As for the fights between him and Adriana, the cinematographer says that “Bickering is natural, because, first of all, there is a difference between our level of experience, and that’s to my advantage. Working on so many films, I know how to make things run faster and more efficiently, no matter what the situation is. In a whirlwind like this, you have to be very efficient and avoid doing stupid things.”
Gulea’s working method is radically different from Vivi Drăgan’s. The director is silent and listens a lot. He asks many questions of the ones around him and accepts suggestions, without clutching onto the idea that there is only one way to do things. “I’m learning many things from him,” Adriana tells me. “He doesn’t speak a lot, but I observed a lot of things.”
The compromises of a developing budget
The shooting of Moromeții 3 started before the production was fully financed, as Tudor Giurgiu confessed in an interview. So far, 850 thousand Euros have been raised and, according to Tudor Giurgiu’s calculations, they are 400 thousand short to cover the necessary filming expenses and another 200 thousand Euros for post-production.
Stere Gulea also found out from this interview that the funding is insufficient. He tells me: “I found out quite late about the adventure that Tudor and Oana (Giurgiu) have thrown themselves into. They had sheltered me from this. I couldn’t do anything, anyway, and they said: what should we even tell him? He already has so much on his mind.”
Vivi Drăgan believes that the problem comes from the way funding is allocated by the Romanian National Cinema Centre (CNC): „The CNC gives you enough money to shoot a newsreel, and you’re out to shoot a period piece. We’re part of a big old, national cinema club. Everyone gets a tiny little bit, just enough to not get them angry. And when you’ve got to do a period piece, it’s better to not even try. In fact, they were on the fence for a while, thinking whether they should shoot it or not. Tudor and Oana (ed.: the producers) took a deep breath and said: come on, let’s do it, but there are a lot of risks, especially if we won’t find any money by the end.”
I can’t help but wonder why Tudor Giurgiu threw himself into this project when he was almost halfway through the budget. Wasn’t the risk too great? “We would’ve needed another year for production,” Giurgiu admits. “But it was also a situation that had to do with the creators’ old age. For the past two years, Mr. Gulea has been plagued by COVID and a series of ailments. And, when you’re his age, every year counts. He asked me to find a solution, and I said, let’s not delay this any longer.”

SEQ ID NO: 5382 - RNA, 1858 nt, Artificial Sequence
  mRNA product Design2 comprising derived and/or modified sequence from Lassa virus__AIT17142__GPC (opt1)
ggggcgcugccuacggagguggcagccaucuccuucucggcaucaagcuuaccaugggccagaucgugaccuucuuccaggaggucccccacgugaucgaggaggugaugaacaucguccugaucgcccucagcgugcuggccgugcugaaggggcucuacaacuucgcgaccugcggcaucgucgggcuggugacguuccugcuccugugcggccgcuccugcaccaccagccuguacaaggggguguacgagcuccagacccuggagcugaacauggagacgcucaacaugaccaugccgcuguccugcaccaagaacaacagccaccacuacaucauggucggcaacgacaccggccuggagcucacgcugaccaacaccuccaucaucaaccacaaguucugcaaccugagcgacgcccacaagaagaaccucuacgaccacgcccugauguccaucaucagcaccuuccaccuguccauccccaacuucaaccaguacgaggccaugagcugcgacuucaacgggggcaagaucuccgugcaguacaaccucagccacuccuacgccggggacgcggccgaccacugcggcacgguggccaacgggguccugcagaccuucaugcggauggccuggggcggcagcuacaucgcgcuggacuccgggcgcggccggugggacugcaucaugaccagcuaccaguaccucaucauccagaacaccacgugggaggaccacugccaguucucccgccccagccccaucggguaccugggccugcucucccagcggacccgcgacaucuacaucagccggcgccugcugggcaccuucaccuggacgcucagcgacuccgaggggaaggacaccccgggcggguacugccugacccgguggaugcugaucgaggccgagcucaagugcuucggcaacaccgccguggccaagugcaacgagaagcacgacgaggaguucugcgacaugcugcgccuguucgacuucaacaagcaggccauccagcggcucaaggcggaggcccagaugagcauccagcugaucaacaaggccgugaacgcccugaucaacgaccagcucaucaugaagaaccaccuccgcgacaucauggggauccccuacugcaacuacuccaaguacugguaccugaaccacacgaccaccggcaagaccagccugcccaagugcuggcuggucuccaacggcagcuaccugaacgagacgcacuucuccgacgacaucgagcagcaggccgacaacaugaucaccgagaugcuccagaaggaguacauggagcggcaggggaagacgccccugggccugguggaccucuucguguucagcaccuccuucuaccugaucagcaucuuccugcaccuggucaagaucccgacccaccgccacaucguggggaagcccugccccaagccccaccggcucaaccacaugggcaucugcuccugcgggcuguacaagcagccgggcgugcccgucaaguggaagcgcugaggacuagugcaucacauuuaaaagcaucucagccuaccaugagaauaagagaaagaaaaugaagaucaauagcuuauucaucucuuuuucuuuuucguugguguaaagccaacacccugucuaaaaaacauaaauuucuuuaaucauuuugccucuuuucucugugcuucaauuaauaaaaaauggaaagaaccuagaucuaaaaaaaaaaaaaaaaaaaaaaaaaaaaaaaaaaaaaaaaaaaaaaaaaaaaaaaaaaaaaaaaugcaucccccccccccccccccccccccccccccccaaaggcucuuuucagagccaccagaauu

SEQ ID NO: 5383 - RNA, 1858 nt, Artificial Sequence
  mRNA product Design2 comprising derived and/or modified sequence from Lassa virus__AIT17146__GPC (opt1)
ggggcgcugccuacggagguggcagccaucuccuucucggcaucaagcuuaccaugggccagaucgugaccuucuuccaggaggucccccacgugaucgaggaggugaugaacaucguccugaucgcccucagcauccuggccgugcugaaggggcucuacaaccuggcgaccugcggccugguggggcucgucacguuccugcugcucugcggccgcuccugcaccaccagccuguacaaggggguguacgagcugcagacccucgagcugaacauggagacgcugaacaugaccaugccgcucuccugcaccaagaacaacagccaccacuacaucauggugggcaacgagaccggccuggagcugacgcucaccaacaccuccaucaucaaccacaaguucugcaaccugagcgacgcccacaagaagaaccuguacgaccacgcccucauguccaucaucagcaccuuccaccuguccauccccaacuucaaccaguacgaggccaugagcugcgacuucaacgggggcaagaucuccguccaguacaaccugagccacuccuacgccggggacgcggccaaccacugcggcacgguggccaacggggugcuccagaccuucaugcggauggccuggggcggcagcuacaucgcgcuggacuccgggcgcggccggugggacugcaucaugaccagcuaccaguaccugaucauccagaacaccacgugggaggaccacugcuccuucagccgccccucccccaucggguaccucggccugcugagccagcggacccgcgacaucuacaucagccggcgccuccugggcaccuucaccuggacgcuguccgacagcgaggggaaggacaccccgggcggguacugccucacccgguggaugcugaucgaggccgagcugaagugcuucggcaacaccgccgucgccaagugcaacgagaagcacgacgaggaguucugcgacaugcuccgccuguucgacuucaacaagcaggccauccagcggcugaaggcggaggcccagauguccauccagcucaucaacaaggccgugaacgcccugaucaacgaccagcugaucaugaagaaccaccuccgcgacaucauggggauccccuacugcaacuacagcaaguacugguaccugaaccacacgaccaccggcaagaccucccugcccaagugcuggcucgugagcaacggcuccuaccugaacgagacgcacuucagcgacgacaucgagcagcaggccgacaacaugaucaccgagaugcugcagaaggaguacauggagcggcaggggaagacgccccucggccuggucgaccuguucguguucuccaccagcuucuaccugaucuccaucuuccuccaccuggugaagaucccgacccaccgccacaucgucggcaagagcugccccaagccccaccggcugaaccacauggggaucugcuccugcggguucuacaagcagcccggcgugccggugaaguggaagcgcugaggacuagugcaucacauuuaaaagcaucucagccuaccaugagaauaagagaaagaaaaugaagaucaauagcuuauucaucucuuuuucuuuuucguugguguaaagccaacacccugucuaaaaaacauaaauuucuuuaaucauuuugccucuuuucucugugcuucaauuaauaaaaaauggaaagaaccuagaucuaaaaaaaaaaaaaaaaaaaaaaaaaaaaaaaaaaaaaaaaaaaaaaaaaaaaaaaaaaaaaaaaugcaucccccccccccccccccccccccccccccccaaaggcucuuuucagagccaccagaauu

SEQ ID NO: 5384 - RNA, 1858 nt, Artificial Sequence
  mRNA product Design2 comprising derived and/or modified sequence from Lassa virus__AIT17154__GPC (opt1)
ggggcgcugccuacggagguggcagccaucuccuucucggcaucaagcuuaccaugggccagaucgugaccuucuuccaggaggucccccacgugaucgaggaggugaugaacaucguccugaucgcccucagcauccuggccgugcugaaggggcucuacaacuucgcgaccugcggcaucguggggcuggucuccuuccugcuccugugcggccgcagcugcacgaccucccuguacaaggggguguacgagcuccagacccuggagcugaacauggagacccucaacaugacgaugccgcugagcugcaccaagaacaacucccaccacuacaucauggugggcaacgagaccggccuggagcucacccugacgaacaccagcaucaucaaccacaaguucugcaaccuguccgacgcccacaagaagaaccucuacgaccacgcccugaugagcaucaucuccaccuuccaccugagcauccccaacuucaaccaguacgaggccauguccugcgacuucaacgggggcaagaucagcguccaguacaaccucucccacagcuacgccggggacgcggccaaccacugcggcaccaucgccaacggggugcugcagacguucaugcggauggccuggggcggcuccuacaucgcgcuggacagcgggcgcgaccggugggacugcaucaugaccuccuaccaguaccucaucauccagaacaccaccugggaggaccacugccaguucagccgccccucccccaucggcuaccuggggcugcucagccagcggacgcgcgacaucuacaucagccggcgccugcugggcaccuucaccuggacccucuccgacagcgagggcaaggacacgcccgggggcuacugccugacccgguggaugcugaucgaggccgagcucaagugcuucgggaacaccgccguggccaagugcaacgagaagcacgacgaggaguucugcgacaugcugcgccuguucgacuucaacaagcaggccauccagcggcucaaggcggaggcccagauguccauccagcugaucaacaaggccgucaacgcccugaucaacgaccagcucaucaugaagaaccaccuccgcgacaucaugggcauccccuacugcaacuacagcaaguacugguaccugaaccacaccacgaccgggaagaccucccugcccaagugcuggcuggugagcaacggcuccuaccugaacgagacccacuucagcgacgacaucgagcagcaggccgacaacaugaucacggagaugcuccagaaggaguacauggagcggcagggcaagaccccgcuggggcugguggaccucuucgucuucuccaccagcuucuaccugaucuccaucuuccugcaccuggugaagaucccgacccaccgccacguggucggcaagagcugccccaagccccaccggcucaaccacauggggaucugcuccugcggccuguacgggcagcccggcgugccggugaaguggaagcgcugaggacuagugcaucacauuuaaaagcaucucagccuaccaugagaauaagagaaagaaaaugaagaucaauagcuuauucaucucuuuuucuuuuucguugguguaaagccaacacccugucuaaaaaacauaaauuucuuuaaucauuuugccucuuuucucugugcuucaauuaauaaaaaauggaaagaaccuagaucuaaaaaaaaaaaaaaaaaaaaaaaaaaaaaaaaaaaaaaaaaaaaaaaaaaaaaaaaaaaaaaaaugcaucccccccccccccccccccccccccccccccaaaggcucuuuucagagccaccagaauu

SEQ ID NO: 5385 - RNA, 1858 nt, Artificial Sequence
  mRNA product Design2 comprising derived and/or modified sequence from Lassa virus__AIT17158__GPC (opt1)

Giurgiu says he’s used to risks anyway, to “throwing yourself into the void without having a safety net.” And anyways, the closest he came to bankruptcy was with a film that he’d thought was perfectly ready to enter production: Silviu Purcărete’s Somewhere in la Palilula. “That’s when I thought that I had it all and I ended up overpassing every single shooting schedule. We were on the verge of going bankrupt.”
The limits of the budget are felt at every step of the filmmaking process, and they affect the entire team.
“For example, we don’t have as many extras as we would’ve liked to, for an action scene. We did some artificial multiplication in the studio, which we’ll add onto the scenes,” says Adriana Răcășan. The most expensive part of a period piece is the set design. “Preparing for the film meant to scout for these places a lot, to see if they’re as suitable as can be for the sequence, and to have minimal scenic interventions,” the assistant director explains.
Many scenes were shot in Talpa, in Teleorman County, the village where the Moromete house is situated, the same that was also used in the first two films of the series. For the ones set in Bucharest and beyond, many details had to be erased or corrected during the post-production phase. For example, in scenes shot in front of the Press Palace, whose facade is filled with air conditioners, which had to be erased later on.
If the first Moromeții, released in 1987, was shot over a period of almost 4 months, 30 years later, the shooting of Moromeții 2 lasted for only a month. And that’s the same amount of time that the last film in the series was given.
“It’s not a lot of time for a film that has a certain tempo, right?”, Vivi Drăgan believes. „You have to cut every corner: a sequence is cut because we don’t have a train, or a bus, or an antique car, or we don’t shoot that much on the streets of Bucharest because we can’t afford to use too much CGI”. Still, during post-production, some archival footage will replace the lack of exteriors or, as the cinematographer calls it, “the lack of air”.
Vivi Drăgan confesses that his teammates in the cinematography department “came for little money, giving up their financial conditions in order to support me”. It’s one of the things that motivate him. The other is the “hope that Stere will pull the third film off, too, at least a bit. It probably won’t be as successful as the second one, but even if it will only have half of its success, it’s still going to be really good,” the cinematographer says, realistically.